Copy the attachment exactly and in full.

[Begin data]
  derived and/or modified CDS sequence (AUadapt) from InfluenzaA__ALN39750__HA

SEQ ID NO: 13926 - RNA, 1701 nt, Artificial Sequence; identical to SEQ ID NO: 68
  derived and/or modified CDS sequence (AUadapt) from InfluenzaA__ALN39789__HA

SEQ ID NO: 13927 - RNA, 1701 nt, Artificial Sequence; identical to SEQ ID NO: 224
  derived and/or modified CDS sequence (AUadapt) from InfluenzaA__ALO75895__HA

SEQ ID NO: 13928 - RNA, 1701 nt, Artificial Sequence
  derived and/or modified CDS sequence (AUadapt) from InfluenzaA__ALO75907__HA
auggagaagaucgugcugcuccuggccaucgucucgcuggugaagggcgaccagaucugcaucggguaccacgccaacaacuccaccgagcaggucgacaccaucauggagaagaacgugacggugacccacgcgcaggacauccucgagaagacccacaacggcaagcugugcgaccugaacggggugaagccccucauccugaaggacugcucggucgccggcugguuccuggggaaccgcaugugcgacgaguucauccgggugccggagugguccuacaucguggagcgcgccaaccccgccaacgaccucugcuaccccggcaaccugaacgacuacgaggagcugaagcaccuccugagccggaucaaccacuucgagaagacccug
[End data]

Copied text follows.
  derived and/or modified CDS sequence (AUadapt) from InfluenzaA__ALN39750__HA

SEQ ID NO: 13926 - RNA, 1701 nt, Artificial Sequence; identical to SEQ ID NO: 68
  derived and/or modified CDS sequence (AUadapt) from InfluenzaA__ALN39789__HA

SEQ ID NO: 13927 - RNA, 1701 nt, Artificial Sequence; identical to SEQ ID NO: 224
  derived and/or modified CDS sequence (AUadapt) from InfluenzaA__ALO75895__HA

SEQ ID NO: 13928 - RNA, 1701 nt, Artificial Sequence
  derived and/or modified CDS sequence (AUadapt) from InfluenzaA__ALO75907__HA
auggagaagaucgugcugcuccuggccaucgucucgcuggugaagggcgaccagaucugcaucggguaccacgccaacaacuccaccgagcaggucgacaccaucauggagaagaacgugacggugacccacgcgcaggacauccucgagaagacccacaacggcaagcugugcgaccugaacggggugaagccccucauccugaaggacugcucggucgccggcugguuccuggggaaccgcaugugcgacgaguucauccgggugccggagugguccuacaucguggagcgcgccaaccccgccaacgaccucugcuaccccggcaaccugaacgacuacgaggagcugaagcaccuccugagccggaucaaccacuucgagaagacccug